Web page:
A MAIDEN, day-long trip to Balochistan by Prime Minister Imran Khan has yielded a familiar set of statements regarding economic development and the PTI’s fight against corruption. Mr Khan’s comments about reviewing CPEC projects to address the concerns of the Balochistan government are likely to add to the uncertainty regarding how the government intends to proceed with the vast portfolio of Chinese investments in and loans to Pakistan. Yet, perhaps most striking was what the prime minister did not dwell on in Balochistan: the sense of alienation among swathes of the Baloch population that has fed a long-running low-level separatist insurgency in the province. Prime Minister Khan was quoted as saying that the federal and provincial governments will take steps to bring back Balochistan’s people who have left the province because of terrorism and violence, but it is not clear who the prime minister was referring to. There was no appeal to either alienated Baloch citizens or Baloch separatists living abroad to engage in dialogue with the state.
Over the years, what has been apparent is the standard twin approach of the Pakistan state to Balochistan: casting the province’s political problems as wholly a matter of underdevelopment and poor economic growth and adamantly viewing Balochistan through the prism of security and regional strategic policies. In 10 years of elected governments and from the latter half of the Musharraf dictatorship, the approach favoured by the Pakistani state in Balochistan has not worked. Indeed, large swathes of the province continue to remain virtual no-go areas and there is very little independently verifiable information that trickles out of the province today. While no provincial or federal government has been able to make much headway in peacefully ending the insurgency in Balochistan, new assemblies and governments at the centre and in the provinces can be an opportunity to reassess the situation and make fresh peace overtures. That does not appear to be the case in 2018 so far.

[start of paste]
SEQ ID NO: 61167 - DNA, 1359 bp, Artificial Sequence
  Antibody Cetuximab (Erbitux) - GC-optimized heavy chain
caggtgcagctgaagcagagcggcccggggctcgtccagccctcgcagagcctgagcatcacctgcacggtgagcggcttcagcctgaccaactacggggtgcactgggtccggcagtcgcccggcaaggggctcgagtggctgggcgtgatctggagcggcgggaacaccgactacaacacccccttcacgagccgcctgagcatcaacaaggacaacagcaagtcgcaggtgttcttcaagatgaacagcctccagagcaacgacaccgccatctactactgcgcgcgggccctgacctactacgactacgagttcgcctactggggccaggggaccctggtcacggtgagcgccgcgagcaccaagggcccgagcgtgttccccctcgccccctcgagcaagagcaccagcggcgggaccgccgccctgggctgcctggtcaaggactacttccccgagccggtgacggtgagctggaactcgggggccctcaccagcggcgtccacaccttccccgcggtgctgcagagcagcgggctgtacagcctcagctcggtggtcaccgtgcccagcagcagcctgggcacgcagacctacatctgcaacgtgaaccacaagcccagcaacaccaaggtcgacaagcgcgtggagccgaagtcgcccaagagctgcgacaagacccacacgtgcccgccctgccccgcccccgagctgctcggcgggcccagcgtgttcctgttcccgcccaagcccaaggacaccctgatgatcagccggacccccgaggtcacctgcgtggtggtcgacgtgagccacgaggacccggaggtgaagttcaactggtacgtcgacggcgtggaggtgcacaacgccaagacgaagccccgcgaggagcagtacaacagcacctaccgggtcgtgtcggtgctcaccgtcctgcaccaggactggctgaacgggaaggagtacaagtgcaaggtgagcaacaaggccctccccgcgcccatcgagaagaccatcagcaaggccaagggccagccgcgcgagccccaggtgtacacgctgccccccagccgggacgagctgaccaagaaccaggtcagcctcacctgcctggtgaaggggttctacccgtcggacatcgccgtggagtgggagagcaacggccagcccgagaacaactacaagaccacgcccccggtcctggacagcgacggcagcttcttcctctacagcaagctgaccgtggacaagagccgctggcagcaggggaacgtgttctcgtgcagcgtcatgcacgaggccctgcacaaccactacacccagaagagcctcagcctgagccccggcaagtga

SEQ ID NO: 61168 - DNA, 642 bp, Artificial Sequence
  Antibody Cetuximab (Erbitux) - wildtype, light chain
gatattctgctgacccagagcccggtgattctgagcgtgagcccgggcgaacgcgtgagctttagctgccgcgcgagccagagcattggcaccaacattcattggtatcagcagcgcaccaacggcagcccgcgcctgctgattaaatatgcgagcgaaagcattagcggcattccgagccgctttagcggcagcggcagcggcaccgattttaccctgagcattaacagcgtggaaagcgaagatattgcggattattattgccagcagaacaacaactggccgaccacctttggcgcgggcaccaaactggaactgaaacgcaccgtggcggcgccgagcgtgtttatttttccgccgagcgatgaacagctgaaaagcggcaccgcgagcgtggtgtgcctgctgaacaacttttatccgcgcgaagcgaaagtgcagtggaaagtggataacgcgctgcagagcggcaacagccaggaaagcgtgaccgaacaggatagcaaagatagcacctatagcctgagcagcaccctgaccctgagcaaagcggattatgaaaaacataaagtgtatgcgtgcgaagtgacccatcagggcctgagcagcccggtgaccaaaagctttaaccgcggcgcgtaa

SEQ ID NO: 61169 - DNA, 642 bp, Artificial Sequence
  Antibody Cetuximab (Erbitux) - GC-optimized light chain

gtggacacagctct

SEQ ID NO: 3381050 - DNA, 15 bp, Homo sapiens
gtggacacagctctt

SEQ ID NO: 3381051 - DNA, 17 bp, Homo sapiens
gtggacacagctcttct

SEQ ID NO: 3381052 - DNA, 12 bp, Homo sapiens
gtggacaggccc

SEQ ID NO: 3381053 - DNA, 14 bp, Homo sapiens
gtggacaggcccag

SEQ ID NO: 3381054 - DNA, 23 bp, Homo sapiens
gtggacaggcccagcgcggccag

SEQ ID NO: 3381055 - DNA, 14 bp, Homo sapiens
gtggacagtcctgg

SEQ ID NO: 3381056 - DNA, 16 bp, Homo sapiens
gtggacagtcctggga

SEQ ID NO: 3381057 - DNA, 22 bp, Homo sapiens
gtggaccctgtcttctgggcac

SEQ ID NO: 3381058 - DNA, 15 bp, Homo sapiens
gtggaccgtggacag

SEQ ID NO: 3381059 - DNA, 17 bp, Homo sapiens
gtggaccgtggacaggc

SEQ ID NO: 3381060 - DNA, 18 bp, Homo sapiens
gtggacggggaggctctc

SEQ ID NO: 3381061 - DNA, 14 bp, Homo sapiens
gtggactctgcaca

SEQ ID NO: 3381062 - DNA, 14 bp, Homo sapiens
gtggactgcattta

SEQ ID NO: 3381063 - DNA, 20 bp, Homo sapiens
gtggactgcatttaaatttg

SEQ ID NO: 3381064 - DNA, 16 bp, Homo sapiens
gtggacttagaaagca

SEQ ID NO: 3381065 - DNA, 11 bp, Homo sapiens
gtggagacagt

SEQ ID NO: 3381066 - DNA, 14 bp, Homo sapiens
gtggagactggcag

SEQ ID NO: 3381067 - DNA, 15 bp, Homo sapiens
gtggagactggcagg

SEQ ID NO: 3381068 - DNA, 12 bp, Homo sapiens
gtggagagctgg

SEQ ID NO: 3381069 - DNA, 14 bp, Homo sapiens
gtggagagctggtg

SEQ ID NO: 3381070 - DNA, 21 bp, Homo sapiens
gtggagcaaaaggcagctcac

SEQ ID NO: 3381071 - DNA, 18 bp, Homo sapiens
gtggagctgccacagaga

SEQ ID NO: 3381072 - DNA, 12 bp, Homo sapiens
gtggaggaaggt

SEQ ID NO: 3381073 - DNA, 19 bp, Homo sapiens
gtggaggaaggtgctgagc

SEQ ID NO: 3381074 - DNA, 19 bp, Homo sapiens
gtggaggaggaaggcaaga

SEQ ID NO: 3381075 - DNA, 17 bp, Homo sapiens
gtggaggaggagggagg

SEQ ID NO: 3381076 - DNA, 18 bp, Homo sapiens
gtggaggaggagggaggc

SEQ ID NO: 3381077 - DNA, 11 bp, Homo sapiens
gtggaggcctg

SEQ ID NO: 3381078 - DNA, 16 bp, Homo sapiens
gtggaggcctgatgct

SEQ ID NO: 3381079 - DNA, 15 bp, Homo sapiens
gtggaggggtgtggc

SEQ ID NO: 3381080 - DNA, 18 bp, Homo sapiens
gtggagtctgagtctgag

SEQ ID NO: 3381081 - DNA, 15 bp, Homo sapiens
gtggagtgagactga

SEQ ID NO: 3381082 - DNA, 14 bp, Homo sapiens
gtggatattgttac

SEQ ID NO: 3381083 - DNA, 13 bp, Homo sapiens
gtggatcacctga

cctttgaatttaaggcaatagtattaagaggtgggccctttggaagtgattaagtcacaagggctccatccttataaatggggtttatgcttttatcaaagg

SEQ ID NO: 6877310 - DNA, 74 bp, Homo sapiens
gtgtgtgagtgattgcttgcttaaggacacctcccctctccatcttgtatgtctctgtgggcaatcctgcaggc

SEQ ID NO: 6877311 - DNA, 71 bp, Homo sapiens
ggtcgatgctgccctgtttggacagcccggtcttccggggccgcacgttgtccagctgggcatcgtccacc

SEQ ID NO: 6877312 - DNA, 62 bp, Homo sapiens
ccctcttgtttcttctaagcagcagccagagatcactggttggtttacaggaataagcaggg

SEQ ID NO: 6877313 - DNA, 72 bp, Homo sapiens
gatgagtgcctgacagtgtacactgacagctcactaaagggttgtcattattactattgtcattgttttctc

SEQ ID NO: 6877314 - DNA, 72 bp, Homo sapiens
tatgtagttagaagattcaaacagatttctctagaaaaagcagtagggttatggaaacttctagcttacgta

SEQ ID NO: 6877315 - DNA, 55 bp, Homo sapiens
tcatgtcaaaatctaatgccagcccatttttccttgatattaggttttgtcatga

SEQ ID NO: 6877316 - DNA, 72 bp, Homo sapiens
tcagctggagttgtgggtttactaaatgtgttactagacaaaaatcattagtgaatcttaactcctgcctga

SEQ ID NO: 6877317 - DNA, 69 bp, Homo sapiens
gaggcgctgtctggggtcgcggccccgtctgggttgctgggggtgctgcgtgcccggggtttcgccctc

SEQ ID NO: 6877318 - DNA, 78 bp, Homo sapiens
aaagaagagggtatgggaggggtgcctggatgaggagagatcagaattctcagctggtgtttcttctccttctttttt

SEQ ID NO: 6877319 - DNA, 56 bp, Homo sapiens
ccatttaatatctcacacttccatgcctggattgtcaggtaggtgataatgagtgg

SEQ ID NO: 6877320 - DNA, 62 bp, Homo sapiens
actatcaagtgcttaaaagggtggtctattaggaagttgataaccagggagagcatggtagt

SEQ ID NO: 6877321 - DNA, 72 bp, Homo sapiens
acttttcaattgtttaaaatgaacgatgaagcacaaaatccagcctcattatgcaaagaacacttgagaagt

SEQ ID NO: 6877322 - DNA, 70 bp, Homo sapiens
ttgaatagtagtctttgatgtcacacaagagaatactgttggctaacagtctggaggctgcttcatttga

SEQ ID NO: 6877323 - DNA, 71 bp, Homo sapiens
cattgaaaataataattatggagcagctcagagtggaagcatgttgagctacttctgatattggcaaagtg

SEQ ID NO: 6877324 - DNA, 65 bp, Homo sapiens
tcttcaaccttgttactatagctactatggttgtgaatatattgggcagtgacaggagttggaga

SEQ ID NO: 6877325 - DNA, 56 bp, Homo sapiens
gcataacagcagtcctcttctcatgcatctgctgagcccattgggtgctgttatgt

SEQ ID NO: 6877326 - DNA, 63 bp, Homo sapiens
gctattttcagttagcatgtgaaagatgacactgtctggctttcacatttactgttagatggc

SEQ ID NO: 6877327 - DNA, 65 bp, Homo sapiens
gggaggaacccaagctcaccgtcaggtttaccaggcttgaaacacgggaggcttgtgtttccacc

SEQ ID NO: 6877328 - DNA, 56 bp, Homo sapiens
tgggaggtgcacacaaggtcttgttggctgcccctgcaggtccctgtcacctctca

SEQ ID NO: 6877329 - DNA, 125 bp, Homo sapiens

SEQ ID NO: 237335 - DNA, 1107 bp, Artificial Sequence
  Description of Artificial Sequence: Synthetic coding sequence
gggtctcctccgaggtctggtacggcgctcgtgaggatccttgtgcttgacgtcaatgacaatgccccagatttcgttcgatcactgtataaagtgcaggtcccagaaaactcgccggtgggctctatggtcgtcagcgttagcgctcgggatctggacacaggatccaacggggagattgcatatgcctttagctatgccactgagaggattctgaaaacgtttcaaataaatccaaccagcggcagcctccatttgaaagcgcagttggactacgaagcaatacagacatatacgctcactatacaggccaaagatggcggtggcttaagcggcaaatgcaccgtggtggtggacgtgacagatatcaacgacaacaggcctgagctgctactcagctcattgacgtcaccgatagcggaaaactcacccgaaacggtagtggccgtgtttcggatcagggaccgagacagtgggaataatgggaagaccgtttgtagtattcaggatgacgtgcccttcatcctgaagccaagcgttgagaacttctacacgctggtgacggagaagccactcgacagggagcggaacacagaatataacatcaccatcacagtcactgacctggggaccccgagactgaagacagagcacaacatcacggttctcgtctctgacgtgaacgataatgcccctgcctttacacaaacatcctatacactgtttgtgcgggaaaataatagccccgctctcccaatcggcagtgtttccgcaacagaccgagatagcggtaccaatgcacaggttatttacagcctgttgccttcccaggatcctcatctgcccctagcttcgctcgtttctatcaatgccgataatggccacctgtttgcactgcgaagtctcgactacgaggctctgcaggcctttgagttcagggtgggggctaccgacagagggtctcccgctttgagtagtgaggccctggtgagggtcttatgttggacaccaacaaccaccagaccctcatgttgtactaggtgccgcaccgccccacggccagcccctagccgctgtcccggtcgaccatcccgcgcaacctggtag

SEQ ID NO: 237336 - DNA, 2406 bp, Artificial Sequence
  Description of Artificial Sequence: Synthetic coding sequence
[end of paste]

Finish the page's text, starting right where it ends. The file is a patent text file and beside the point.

It is hoped that the Balochistan government and the PTI at the centre will not continue to avoid dealing with hard issues in the province. Arguably, at no point over the last decade have the government in Balochistan, the federal government and the military leadership been working in as close and accommodating a manner as the dispensation today is. In Balochistan that can be opportunity for positive change. Prime Minister Khan has the political capital to attempt a different approach in Balochistan — if he is inclined to do so. A day-long trip to Balochistan nearly two months since being sworn in does not suggest the province is high on Mr Khan’s priorities. Perhaps the prime minister would do well to begin by seeking the input of moderate political forces in Balochistan on the way ahead.
Published in Dawn, October 8th, 2018